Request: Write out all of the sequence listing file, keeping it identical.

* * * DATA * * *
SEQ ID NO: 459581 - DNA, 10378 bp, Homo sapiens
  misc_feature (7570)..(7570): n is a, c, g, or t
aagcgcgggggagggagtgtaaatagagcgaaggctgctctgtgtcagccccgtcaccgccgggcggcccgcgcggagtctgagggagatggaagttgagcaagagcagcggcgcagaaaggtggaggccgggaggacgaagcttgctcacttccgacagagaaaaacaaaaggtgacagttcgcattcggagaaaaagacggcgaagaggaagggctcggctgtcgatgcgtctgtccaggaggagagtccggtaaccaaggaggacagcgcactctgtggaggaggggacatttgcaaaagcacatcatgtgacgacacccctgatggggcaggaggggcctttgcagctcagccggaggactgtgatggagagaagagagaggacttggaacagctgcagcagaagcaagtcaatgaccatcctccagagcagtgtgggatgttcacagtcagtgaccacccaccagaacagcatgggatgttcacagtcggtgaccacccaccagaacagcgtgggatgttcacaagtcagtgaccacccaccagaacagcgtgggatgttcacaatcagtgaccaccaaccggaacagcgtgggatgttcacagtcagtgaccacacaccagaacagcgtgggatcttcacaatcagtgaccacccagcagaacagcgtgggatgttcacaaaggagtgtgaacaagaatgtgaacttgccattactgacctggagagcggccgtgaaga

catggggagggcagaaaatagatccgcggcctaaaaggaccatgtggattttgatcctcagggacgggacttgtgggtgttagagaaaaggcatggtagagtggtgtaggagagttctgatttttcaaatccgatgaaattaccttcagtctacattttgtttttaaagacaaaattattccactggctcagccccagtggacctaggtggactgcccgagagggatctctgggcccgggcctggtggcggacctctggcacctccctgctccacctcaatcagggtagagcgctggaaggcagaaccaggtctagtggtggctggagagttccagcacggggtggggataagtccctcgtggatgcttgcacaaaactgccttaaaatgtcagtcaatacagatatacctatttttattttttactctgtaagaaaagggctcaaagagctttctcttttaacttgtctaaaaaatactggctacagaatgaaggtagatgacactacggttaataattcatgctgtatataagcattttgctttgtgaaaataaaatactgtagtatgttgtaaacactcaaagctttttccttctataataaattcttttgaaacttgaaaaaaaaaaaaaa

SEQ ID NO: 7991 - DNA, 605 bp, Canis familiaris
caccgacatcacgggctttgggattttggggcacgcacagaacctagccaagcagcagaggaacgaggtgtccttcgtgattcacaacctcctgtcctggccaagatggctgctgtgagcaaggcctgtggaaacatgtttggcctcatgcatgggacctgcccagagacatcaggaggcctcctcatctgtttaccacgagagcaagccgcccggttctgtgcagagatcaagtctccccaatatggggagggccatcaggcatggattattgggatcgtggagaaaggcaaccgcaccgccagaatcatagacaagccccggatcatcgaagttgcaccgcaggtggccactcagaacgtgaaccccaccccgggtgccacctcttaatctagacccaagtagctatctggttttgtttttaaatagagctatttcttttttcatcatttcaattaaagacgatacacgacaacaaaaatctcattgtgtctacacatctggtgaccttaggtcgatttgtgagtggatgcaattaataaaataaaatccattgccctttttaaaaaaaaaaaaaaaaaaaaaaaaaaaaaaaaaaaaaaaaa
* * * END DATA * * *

SEQ ID NO: 459581 - DNA, 10378 bp, Homo sapiens
  misc_feature (7570)..(7570): n is a, c, g, or t
aagcgcgggggagggagtgtaaatagagcgaaggctgctctgtgtcagccccgtcaccgccgggcggcccgcgcggagtctgagggagatggaagttgagcaagagcagcggcgcagaaaggtggaggccgggaggacgaagcttgctcacttccgacagagaaaaacaaaaggtgacagttcgcattcggagaaaaagacggcgaagaggaagggctcggctgtcgatgcgtctgtccaggaggagagtccggtaaccaaggaggacagcgcactctgtggaggaggggacatttgcaaaagcacatcatgtgacgacacccctgatggggcaggaggggcctttgcagctcagccggaggactgtgatggagagaagagagaggacttggaacagctgcagcagaagcaagtcaatgaccatcctccagagcagtgtgggatgttcacagtcagtgaccacccaccagaacagcatgggatgttcacagtcggtgaccacccaccagaacagcgtgggatgttcacaagtcagtgaccacccaccagaacagcgtgggatgttcacaatcagtgaccaccaaccggaacagcgtgggatgttcacagtcagtgaccacacaccagaacagcgtgggatcttcacaatcagtgaccacccagcagaacagcgtgggatgttcacaaaggagtgtgaacaagaatgtgaacttgccattactgacctggagagcggccgtgaaga

catggggagggcagaaaatagatccgcggcctaaaaggaccatgtggattttgatcctcagggacgggacttgtgggtgttagagaaaaggcatggtagagtggtgtaggagagttctgatttttcaaatccgatgaaattaccttcagtctacattttgtttttaaagacaaaattattccactggctcagccccagtggacctaggtggactgcccgagagggatctctgggcccgggcctggtggcggacctctggcacctccctgctccacctcaatcagggtagagcgctggaaggcagaaccaggtctagtggtggctggagagttccagcacggggtggggataagtccctcgtggatgcttgcacaaaactgccttaaaatgtcagtcaatacagatatacctatttttattttttactctgtaagaaaagggctcaaagagctttctcttttaacttgtctaaaaaatactggctacagaatgaaggtagatgacactacggttaataattcatgctgtatataagcattttgctttgtgaaaataaaatactgtagtatgttgtaaacactcaaagctttttccttctataataaattcttttgaaacttgaaaaaaaaaaaaaa

SEQ ID NO: 7991 - DNA, 605 bp, Canis familiaris
caccgacatcacgggctttgggattttggggcacgcacagaacctagccaagcagcagaggaacgaggtgtccttcgtgattcacaacctcctgtcctggccaagatggctgctgtgagcaaggcctgtggaaacatgtttggcctcatgcatgggacctgcccagagacatcaggaggcctcctcatctgtttaccacgagagcaagccgcccggttctgtgcagagatcaagtctccccaatatggggagggccatcaggcatggattattgggatcgtggagaaaggcaaccgcaccgccagaatcatagacaagccccggatcatcgaagttgcaccgcaggtggccactcagaacgtgaaccccaccccgggtgccacctcttaatctagacccaagtagctatctggttttgtttttaaatagagctatttcttttttcatcatttcaattaaagacgatacacgacaacaaaaatctcattgtgtctacacatctggtgaccttaggtcgatttgtgagtggatgcaattaataaaataaaatccattgccctttttaaaaaaaaaaaaaaaaaaaaaaaaaaaaaaaaaaaaaaaaa